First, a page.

On October 23, 1925, Johnny Carson was born in Corning, Iowa and grew up to become one of television's most-loved TV personalities of the 20th century. Here are five secrets you probably didn't know about Johnny Carson...
Early in His Career, He Hosted a Game Show Carson was picked to host the game show Who Do You Trust in the late 1950s, which is where he met Ed McMahon, who worked on the show as the announcer. It was a program where couples competed, and the man would be asked if he wanted to answer the question of whether his wife should. Carson spent a large part of the show interacting with the contestants, which helped land him the job on The Tonight Show after the retirement of Jack Paar.
Groucho Marx Introduced Carson as the New Host of the Show On Carson’s first night as host of the show, replacing Jack Paar, he was introduced by legendary comedian Groucho Marx, age 72. Six years later, Marx honored Carson at a roast held at the Friars’ Club in New York. Guests appearing on Carson’s opening show were Tony Bennett, Joan Crawford, Rudy Vallee and a new comedy writer, Mel Brooks.
The Tonight Show Theme Has Lyrics A lot of those instrumental TV themes that you grew up humming actually had lyrics. Among these were lyrics to the theme to Star Trek and the theme to the Tonight Show. Carson actually wrote the lyrics to that theme, and the music was by Paul Anka (who took one of his prior hits and reworked it for the show). While the lyrics were never used, Carson still got a good deal and received 50 percent of the royalties.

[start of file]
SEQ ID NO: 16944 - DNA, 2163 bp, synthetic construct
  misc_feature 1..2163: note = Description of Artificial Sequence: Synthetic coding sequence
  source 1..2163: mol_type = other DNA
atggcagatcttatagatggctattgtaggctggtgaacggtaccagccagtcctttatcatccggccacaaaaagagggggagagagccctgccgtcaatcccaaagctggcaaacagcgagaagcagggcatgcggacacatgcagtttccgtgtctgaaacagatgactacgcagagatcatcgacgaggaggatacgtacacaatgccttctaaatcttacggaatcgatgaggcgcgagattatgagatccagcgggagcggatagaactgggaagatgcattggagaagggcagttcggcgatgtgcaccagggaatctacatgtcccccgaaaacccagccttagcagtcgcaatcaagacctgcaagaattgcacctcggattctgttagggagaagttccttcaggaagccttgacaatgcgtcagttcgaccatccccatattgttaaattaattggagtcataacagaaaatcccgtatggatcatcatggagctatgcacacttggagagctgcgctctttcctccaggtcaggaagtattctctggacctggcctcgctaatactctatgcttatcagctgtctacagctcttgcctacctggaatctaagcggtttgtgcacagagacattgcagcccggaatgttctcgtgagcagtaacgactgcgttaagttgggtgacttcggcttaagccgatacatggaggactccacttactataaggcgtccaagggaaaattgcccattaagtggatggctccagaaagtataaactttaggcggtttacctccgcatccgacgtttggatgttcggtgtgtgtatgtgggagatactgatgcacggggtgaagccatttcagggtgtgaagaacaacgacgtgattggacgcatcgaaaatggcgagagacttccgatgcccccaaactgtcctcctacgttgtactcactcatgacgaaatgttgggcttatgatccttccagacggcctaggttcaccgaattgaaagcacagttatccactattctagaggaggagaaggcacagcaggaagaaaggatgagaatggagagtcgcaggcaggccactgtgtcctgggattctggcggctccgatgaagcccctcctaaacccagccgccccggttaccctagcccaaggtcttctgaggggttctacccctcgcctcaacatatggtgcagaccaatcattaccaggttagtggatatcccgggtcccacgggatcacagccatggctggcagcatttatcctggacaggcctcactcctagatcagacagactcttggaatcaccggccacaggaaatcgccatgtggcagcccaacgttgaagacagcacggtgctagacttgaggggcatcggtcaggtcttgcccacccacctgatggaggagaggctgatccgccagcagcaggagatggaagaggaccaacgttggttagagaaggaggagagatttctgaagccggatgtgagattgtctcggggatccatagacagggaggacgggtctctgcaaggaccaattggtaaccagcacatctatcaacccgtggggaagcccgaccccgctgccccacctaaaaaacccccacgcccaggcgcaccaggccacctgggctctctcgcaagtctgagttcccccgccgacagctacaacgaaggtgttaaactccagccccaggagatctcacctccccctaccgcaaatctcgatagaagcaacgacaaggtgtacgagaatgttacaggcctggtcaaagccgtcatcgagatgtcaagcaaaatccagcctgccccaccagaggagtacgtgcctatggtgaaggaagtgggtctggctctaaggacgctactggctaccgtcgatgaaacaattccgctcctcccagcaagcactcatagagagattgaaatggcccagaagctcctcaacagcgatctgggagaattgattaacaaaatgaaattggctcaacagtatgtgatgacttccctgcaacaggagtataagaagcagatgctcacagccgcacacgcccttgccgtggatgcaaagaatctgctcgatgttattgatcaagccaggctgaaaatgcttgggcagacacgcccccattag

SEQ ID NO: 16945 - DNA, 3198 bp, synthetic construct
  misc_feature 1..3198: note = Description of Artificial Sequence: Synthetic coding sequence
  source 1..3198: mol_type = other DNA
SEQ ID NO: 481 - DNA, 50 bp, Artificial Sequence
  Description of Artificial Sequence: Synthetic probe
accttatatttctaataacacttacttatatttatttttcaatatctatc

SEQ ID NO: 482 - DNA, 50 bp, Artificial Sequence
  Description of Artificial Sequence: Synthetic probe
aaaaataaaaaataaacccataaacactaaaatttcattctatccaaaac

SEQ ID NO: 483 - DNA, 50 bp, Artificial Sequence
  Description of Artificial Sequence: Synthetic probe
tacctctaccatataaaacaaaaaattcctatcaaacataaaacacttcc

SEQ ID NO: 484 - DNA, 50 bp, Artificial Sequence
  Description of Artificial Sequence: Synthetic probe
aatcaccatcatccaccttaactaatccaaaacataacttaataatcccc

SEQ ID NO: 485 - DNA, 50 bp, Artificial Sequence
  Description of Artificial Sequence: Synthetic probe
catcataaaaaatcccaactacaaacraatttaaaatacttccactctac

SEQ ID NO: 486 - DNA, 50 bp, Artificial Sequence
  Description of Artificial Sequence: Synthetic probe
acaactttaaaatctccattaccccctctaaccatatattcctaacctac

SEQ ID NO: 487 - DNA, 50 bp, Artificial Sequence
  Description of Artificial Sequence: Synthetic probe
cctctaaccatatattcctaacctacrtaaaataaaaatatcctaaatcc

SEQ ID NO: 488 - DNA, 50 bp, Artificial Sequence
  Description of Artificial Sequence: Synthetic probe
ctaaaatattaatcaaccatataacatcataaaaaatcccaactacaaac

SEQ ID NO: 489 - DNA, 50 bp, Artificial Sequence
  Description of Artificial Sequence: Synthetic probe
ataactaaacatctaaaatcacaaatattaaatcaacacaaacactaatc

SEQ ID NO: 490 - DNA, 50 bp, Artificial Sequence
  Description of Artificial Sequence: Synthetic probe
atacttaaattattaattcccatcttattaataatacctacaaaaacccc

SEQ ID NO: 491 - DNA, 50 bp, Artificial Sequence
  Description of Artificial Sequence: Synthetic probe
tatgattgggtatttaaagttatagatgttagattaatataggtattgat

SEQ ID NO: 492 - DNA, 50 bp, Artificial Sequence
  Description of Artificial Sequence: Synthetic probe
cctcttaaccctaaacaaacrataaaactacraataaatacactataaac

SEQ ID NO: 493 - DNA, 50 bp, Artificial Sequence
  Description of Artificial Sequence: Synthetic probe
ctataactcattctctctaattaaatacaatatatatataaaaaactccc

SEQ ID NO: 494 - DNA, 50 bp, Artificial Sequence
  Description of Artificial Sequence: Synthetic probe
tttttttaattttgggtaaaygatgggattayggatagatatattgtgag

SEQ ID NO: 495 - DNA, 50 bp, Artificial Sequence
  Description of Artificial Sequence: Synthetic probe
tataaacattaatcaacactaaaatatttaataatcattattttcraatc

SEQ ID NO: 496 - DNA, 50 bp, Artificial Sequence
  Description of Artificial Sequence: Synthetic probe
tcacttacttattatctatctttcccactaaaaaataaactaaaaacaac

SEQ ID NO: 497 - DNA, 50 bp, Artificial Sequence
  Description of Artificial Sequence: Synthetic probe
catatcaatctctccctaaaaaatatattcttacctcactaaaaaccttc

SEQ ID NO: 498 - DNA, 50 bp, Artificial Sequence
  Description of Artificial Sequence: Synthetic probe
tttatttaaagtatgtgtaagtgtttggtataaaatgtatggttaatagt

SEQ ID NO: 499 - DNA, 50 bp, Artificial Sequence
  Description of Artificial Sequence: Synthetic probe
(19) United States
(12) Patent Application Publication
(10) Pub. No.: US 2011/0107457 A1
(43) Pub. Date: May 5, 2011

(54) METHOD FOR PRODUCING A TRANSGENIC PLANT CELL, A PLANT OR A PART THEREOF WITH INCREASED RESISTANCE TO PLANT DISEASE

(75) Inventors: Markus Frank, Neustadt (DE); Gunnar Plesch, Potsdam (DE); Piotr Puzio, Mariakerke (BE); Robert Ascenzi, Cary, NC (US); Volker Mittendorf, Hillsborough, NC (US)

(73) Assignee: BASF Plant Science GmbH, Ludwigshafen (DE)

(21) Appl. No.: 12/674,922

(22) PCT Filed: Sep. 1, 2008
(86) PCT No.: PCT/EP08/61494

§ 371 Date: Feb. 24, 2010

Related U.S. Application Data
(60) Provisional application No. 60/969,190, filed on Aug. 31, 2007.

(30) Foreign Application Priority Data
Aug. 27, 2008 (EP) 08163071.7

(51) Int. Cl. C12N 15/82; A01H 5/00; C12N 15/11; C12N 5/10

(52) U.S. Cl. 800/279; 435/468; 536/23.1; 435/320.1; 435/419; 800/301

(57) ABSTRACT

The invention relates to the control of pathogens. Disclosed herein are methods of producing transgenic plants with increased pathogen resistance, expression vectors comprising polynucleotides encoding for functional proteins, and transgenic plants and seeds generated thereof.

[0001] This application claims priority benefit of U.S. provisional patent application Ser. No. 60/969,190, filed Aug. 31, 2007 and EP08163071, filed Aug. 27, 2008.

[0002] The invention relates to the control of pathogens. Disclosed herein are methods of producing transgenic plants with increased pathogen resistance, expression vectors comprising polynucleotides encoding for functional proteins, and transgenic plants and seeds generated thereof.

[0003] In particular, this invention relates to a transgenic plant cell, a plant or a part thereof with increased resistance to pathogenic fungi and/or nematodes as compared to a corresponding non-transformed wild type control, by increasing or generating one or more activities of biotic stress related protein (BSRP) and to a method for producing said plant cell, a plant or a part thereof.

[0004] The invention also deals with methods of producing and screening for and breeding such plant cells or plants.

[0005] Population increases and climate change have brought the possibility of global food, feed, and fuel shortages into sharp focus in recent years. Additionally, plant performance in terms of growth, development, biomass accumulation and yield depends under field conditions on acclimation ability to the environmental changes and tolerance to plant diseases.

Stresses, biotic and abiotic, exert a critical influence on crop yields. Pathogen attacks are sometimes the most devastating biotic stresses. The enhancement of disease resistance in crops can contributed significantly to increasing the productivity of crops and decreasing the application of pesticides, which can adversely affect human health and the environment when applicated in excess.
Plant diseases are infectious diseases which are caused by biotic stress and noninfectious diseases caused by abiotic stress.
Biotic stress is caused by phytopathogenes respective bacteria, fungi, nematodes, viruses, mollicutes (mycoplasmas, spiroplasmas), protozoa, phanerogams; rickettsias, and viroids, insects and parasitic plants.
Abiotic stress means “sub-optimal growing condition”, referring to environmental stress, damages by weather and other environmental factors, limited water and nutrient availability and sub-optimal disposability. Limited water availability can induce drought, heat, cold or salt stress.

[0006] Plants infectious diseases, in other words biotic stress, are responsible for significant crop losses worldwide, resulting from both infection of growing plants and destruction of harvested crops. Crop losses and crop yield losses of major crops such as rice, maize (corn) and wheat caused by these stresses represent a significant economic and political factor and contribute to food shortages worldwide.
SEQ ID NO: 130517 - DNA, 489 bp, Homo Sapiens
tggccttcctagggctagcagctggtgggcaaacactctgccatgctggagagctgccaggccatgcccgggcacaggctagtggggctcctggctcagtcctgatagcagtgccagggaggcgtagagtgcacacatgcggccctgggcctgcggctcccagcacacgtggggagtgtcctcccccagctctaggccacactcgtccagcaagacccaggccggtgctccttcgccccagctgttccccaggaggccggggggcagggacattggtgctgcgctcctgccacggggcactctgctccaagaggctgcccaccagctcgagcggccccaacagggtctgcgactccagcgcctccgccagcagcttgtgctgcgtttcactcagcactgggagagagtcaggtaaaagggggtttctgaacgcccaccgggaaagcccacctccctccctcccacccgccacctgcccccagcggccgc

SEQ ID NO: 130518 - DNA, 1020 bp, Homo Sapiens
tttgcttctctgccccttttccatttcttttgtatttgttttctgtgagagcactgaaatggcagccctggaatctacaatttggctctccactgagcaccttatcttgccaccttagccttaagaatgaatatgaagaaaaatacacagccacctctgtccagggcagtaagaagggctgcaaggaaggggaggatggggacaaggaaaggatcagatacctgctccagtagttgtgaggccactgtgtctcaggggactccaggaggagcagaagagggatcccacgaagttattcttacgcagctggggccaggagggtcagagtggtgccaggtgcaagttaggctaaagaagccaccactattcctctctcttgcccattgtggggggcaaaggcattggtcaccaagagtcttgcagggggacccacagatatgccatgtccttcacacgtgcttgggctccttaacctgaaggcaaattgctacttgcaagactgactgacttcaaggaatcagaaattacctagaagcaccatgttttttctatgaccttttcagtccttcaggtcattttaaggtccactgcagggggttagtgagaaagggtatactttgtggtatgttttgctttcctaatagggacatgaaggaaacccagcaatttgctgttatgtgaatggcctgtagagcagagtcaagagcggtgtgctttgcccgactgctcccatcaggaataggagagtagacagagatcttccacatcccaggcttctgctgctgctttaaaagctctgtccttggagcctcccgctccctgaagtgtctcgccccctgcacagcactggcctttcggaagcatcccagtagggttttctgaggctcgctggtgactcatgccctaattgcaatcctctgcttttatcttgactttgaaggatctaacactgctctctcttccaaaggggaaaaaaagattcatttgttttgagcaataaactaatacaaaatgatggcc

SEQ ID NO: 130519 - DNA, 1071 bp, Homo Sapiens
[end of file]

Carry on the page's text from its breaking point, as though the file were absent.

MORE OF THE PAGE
He Assisted Orson Welles In A Magic Act During World War II In 1943, Carson, 18, went into the U.S. Navy where he was assigned work in communications decoding encrypted messages. He performed magic as a hobby, usually for shipmates, but was invited to perform as an assistant to Orson Welles during a performance to entertain the troops aboard the U.S.S. Pennsylvania. Welles was also assisted by his beautiful wife, Rita Hayworth, whom he cut in half during his magic act.
He Wrote Jokes For David Letterman's Show Carson was known for criticizing other talk show hosts, except for David Letterman. Carson was a big fan of Letterman and started sending jokes to Dave after he (Carson) retired. He'd send them daily, and some would make it on air without crediting Carson. A former Tonight Show producer said that he thought Carson missed the monologue segment of his show and needed an outlet for the jokes he was still thinking up.